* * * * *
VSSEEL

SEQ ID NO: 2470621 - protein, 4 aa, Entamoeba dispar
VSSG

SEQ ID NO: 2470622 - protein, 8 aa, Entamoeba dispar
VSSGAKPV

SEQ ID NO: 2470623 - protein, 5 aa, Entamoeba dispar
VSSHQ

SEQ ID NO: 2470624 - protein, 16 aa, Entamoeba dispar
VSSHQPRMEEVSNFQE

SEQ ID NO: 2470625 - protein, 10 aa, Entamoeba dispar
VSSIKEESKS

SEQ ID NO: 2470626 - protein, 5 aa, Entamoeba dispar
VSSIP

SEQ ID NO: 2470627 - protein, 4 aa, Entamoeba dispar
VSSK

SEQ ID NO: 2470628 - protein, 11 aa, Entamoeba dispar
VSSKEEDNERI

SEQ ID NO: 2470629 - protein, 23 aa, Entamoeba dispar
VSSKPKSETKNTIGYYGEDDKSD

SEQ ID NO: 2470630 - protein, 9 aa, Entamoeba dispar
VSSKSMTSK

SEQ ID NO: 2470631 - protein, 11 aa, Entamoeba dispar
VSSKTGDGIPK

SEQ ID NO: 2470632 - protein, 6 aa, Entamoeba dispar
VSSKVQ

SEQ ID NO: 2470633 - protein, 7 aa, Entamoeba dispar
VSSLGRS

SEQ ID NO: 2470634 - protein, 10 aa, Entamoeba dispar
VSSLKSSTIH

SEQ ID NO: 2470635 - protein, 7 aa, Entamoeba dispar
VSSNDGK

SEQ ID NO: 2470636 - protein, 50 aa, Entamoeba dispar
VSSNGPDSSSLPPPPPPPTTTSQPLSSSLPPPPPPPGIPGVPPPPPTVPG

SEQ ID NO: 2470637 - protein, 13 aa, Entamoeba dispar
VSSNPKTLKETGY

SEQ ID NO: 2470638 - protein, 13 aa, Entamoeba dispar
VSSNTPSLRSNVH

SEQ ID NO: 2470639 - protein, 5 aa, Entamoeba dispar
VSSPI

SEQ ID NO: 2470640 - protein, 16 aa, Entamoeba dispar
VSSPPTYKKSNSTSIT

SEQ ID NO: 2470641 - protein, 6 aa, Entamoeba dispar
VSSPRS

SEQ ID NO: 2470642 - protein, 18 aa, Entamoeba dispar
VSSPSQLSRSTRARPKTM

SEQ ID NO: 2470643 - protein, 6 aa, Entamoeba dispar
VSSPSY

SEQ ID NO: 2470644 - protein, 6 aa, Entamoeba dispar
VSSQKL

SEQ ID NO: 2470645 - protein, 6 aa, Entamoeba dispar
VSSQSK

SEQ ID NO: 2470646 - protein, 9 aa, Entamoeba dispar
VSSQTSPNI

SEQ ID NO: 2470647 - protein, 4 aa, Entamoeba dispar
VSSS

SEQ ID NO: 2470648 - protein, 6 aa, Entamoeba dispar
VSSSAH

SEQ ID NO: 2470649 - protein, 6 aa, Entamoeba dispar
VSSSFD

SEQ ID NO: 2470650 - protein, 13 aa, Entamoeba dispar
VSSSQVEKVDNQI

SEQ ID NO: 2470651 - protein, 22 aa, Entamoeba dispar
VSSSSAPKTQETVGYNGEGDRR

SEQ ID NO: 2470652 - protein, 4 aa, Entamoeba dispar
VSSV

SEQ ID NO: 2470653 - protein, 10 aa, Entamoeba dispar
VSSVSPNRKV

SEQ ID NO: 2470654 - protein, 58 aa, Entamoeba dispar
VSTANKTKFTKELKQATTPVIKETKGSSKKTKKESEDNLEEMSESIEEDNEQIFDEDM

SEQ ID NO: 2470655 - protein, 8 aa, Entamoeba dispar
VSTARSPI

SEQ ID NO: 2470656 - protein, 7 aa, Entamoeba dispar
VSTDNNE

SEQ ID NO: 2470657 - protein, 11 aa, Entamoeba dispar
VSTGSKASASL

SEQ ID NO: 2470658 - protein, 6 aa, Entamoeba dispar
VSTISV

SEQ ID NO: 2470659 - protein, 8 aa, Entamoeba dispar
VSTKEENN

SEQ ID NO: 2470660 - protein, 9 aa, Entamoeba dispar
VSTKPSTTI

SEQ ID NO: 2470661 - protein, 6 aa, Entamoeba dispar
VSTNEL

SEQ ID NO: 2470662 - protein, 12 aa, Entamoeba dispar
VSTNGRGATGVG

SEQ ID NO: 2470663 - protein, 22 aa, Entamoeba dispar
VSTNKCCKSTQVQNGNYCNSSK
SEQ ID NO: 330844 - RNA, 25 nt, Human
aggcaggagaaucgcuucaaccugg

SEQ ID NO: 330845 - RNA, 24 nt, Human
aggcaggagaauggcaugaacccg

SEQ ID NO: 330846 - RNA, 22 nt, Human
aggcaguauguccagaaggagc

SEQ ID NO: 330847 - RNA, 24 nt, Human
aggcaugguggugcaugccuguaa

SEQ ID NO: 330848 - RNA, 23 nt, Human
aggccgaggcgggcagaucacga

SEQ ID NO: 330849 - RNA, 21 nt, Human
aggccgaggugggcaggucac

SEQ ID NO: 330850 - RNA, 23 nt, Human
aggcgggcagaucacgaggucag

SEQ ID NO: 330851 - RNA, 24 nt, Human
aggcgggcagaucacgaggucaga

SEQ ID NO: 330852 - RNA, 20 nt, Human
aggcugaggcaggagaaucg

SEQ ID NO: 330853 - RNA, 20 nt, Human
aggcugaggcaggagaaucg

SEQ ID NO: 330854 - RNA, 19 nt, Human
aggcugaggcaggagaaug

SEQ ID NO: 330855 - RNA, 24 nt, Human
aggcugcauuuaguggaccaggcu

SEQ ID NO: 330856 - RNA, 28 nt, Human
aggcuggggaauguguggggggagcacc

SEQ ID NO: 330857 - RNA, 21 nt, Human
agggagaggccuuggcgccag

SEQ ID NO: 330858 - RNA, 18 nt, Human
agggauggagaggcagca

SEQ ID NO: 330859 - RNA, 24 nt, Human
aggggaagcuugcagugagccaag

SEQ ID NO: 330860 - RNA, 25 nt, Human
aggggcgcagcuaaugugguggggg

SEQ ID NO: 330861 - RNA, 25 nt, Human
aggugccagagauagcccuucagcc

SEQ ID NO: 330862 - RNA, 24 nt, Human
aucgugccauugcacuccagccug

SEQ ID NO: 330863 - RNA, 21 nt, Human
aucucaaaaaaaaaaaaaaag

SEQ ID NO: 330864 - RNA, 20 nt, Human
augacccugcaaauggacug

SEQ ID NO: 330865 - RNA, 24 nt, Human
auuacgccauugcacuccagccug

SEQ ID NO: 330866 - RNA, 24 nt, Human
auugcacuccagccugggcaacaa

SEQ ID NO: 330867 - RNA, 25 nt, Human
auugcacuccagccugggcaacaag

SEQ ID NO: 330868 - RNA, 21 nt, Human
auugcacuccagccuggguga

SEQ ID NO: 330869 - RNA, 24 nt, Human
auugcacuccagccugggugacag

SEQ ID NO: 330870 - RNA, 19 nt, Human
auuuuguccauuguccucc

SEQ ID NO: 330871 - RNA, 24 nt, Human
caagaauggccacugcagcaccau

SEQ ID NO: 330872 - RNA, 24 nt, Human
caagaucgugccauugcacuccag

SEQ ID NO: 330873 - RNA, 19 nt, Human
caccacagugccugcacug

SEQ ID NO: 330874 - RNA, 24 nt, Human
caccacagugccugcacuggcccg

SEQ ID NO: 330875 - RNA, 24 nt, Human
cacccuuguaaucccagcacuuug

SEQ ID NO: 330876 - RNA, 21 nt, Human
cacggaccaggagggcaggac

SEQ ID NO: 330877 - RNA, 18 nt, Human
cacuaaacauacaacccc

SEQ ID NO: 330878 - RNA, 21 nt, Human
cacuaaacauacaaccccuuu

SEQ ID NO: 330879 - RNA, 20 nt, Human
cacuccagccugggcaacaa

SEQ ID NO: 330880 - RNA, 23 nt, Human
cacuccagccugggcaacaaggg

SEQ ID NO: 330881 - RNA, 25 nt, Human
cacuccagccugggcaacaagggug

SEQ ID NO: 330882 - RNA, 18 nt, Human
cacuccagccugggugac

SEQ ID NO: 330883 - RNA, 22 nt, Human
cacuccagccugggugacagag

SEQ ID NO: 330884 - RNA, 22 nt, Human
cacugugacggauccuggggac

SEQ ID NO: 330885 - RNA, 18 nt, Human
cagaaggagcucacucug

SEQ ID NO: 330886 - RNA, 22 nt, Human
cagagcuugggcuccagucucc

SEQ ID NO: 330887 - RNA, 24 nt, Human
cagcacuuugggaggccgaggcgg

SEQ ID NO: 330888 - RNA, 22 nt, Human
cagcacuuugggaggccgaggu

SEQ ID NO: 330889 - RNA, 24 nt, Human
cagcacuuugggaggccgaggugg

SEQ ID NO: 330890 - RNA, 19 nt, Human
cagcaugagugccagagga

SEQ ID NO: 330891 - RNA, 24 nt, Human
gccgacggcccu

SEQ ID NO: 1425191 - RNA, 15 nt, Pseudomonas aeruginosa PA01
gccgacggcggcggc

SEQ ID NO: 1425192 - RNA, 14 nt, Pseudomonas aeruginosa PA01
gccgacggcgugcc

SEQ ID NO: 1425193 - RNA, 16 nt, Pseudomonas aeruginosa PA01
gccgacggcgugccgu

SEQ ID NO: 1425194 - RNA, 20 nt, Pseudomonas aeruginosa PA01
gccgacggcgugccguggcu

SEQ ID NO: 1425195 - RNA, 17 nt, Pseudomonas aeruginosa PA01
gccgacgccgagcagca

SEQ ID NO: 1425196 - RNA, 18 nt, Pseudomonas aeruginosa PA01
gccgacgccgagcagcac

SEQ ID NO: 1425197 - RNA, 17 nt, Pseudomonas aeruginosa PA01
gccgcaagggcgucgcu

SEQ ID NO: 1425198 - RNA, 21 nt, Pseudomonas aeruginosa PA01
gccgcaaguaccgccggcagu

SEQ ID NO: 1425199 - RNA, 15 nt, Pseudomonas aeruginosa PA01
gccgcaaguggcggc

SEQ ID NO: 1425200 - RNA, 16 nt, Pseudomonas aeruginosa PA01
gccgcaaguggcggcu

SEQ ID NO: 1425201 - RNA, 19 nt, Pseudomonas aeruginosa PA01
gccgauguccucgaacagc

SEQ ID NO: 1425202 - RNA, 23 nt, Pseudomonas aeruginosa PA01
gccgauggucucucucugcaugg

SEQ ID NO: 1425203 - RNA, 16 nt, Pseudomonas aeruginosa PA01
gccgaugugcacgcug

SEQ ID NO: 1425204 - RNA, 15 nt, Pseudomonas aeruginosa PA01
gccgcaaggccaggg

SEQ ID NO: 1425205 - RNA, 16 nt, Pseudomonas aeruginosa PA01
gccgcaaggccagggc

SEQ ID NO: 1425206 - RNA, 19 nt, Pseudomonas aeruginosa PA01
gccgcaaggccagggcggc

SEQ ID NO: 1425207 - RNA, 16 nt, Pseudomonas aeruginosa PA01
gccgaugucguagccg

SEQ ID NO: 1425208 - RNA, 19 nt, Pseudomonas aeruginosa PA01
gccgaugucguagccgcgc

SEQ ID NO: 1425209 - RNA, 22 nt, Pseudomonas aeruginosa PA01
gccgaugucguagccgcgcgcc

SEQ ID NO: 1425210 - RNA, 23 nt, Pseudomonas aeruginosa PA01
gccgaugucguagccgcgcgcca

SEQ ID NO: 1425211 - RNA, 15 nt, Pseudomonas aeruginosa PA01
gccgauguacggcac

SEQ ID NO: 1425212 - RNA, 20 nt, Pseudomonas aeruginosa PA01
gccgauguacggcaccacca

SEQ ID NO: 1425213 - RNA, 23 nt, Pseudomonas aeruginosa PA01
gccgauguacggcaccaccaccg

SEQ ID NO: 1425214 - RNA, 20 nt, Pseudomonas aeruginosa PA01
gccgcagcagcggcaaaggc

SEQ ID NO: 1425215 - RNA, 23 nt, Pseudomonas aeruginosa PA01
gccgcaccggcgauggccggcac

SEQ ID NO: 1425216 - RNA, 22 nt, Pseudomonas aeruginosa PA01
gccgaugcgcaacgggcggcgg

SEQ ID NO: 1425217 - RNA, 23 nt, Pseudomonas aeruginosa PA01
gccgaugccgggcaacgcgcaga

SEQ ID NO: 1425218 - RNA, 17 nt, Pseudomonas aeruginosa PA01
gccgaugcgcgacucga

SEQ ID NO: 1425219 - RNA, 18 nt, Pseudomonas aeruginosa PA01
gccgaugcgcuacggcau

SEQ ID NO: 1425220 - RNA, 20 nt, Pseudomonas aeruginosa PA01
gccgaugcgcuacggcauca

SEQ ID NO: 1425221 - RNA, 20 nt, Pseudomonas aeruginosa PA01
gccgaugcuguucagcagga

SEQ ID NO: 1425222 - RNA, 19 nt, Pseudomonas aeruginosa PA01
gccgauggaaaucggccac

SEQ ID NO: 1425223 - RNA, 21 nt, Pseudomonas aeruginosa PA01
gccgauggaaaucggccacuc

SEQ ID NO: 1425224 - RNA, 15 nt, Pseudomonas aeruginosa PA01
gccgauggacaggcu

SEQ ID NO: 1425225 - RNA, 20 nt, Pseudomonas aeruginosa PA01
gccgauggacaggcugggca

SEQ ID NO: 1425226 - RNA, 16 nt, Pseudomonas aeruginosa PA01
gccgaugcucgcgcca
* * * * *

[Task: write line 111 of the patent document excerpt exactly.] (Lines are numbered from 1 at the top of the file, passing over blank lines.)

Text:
aggcugcauuuaguggaccaggcu